August 22, 2019 | 76° F

Vintage shop brings unique, curated classics to New Brunswick

Photo by Almier McCoy |

As a college town, New Brunswick has a decent amount of fun to offer: A wide range of gourmet restaurants, lively bars and coffee shops, an art gallery here, a record shop there. If there’s one thing lacking that many students would appreciate, it’s a place to shop for trendy clothing in walking distance. Until now, the closest shopping destination is a mall nearly seven miles away from campus. By The By Vintage, a second-hand boutique owned and curated by Rutgers alumni Nicole Gifford and Gabe Chiarello, made its debut to New Brunswick this month, with the mission to stylishly and affordably outfit the Rutgers community. 

Before graduating from Rutgers-New Brunswick, Gifford and Chiarello realized that there weren’t many fun things to do in New Brunswick other than the nightlife. Although there are places where locals are allowed to relax and unwind from a long day of work and classes like Hidden Grounds Coffee, Gifford and Chiarello felt that the sources of entertainment and leisure were limited.

“While we were here, we realized there wasn’t a lot of shopping or fun things to do in the area other than going to parties,” Gifford said. 

It wasn’t until a few years after graduating in 2015 that they both realized opening their own business was something they were passionate about. And as New Brunswick housed an avenue full of booming small businesses that made so much of an impression while the two were students, it was a no-brainer that their college town was the perfect place to start. 

“We really liked Spina Records and Hidden Grounds, which are some of the smaller businesses that popped up while we were students,” Gifford said. “After graduating, a couple years on we realized that this is something we are both passionate about and it just seemed like a natural thing to come here to do it because people need this kind of thing. It doesn’t really exist.”

Located at 9 Elm Row, By The By Vintage is a tiny brownstone storefront. When you first walk in, you’re pleasantly greeted by racks of clothing that offer an array of pieces from the 60s to the 90s. There’s even a back area that offers more selection consisting of the latest trends such as plaids, stripes and vibrant prints. 

One of the best elements of this shop is that both Gifford and Chiarello personally curate the collection to provide valuable pieces that appeal to every type of customer and their individual styles.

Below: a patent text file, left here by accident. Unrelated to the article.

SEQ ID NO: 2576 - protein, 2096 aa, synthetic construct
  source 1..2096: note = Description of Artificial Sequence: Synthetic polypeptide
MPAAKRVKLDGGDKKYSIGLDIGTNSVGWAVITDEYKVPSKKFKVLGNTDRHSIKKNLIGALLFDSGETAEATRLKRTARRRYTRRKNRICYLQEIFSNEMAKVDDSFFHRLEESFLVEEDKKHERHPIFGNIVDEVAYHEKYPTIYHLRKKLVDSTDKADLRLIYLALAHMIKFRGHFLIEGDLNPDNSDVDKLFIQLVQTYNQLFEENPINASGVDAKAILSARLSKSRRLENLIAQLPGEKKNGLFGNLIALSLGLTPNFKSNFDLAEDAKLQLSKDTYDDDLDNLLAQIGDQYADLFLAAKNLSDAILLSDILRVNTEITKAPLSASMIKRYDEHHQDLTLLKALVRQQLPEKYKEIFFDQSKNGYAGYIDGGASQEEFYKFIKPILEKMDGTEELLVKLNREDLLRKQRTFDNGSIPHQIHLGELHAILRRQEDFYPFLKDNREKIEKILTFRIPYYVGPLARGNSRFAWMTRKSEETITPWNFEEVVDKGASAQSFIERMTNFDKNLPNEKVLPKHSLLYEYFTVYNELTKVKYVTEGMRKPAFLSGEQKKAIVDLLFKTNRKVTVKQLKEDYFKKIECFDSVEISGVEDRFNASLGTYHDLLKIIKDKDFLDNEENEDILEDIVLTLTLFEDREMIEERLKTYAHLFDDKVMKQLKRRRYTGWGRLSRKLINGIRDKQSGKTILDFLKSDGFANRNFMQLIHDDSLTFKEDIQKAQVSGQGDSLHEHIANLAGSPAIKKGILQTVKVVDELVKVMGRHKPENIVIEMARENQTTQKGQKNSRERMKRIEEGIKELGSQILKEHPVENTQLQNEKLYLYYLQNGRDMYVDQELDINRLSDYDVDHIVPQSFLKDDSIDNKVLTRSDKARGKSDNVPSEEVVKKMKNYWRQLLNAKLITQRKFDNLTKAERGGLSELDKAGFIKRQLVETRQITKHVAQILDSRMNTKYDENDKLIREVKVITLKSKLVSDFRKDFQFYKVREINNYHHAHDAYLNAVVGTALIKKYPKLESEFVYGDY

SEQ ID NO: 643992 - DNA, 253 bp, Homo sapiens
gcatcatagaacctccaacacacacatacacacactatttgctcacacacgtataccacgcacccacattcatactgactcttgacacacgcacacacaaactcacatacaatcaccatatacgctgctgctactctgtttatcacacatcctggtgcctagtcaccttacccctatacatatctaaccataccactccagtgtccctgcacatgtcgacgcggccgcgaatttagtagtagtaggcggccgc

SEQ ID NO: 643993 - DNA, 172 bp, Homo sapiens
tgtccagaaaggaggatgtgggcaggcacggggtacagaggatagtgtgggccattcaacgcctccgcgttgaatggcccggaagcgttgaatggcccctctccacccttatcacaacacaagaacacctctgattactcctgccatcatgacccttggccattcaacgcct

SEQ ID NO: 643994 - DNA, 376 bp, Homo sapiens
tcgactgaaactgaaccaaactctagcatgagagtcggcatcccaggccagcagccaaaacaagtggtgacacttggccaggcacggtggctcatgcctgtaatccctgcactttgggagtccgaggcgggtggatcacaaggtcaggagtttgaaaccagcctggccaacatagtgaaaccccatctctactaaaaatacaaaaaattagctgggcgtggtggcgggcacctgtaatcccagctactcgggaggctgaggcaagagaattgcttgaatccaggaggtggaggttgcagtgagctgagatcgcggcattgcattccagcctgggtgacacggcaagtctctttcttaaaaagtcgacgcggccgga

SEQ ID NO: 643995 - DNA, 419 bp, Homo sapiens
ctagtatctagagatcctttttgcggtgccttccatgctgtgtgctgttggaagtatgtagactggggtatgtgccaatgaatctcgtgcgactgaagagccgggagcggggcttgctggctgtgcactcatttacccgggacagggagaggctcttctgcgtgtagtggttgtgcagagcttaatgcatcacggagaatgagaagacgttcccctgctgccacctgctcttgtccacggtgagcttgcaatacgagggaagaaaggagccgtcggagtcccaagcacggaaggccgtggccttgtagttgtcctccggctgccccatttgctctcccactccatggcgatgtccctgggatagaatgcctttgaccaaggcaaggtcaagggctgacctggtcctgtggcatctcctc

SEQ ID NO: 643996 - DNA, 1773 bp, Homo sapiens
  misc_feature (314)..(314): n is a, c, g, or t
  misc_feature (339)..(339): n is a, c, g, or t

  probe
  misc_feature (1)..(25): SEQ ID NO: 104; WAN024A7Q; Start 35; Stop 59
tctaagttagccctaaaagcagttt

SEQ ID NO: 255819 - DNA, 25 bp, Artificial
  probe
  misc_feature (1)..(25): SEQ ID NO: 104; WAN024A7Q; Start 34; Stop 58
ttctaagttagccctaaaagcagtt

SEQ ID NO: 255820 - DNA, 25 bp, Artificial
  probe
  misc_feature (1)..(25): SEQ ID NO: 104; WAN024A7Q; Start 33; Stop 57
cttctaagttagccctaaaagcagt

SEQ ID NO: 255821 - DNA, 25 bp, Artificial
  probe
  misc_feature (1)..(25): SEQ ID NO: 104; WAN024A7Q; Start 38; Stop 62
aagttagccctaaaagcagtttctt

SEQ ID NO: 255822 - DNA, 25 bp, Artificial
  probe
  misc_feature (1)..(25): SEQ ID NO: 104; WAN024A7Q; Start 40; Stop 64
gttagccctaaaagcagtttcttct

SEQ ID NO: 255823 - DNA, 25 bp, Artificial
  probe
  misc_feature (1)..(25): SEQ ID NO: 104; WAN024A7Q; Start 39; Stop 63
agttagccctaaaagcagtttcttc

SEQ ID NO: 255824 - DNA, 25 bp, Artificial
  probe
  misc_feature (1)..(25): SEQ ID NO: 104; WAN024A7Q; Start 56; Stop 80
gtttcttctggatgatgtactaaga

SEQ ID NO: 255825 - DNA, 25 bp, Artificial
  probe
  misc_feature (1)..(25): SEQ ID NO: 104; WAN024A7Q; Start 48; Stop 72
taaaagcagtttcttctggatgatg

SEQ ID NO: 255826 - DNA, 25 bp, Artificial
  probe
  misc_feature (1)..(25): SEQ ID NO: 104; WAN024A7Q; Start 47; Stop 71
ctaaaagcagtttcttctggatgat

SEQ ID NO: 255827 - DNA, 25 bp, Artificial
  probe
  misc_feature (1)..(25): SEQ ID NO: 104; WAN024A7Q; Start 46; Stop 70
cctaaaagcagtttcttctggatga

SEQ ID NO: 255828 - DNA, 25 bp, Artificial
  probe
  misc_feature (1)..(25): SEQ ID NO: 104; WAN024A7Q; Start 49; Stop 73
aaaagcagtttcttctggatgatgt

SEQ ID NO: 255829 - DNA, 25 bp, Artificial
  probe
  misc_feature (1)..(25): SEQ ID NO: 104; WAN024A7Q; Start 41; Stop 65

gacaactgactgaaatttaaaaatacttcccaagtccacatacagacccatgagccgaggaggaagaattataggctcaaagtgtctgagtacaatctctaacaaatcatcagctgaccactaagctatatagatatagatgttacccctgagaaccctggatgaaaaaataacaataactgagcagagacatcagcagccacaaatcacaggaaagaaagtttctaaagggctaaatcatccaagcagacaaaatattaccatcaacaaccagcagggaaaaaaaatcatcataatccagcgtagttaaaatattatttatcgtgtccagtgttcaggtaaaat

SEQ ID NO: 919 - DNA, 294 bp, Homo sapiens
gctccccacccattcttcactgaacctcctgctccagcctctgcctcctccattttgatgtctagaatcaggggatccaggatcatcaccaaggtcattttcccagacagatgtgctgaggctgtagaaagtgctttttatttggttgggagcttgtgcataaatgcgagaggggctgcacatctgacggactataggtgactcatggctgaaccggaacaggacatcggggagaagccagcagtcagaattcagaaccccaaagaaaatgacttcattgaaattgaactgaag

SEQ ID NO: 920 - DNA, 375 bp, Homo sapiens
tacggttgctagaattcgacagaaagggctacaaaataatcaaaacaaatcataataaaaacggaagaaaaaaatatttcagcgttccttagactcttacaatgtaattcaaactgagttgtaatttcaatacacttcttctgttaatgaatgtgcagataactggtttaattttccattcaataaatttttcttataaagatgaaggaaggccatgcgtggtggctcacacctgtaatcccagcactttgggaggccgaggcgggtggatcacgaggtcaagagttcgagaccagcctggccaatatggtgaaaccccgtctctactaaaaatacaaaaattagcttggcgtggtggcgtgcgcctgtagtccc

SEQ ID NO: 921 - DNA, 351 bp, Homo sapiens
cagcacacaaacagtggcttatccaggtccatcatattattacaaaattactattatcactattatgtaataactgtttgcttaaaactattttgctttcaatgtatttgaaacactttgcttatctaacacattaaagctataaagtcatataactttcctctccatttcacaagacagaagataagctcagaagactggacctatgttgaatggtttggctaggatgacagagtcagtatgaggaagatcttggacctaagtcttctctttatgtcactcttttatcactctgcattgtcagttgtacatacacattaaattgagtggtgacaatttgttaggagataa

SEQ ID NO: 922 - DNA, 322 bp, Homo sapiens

“I think for both of us it's kind of what we like in a lot of ways,” Gifford said as she explained their curating process. “I don’t know if I thought a ton about trends except for a couple of instances where I wouldn’t necessarily wear this, but I have a couple of friends or people in my life who probably would be into this.” 

Another great feature of By The By Vintage is that when curating the first collection, the store owners kept different body types in mind. Many people find that most on-trend stores only cater to naturally skinny people and carry a little assortment of chic, plus-size looks. 

“We’ve been trying to find pieces that are very size inclusive and make sure that we are pulling pieces that are going to suit everyone so that no one is coming in and thinking, ‘There’s nothing for me.’ That is the last thing we want,” Gifford said. “We want people to feel like that there’s at least a fighting chance that there’s something that will fit them and suit their personal taste.” 

Unless you live in New York City, the closest thing to secondhand vintage clothing may be a local Goodwill, which is affordable, but not always stocked with the most unique and fashionable pieces. Typically, the best bet is to travel into the city and spend what feels like a fortune on carefully-curated, but still secondhand clothing at retro boutiques and consignment stores. That’s why By The By Vintage is such a treat to the New Brunswick community — not only is it local, but their price points range from $15 to $40, perfect for students who are not trying to break the bank. 

“If we can provide that kind of environment for people to come in and take a load off that’s great,” Gifford said, referring to her goal for starting her own vintage shop. “We’re not trying to price gouge people so that they can buy something for themselves and feel special and has history and is important and one of a kind. They can take it home and feel like they did a nice thing for themselves."

Almier McCoy

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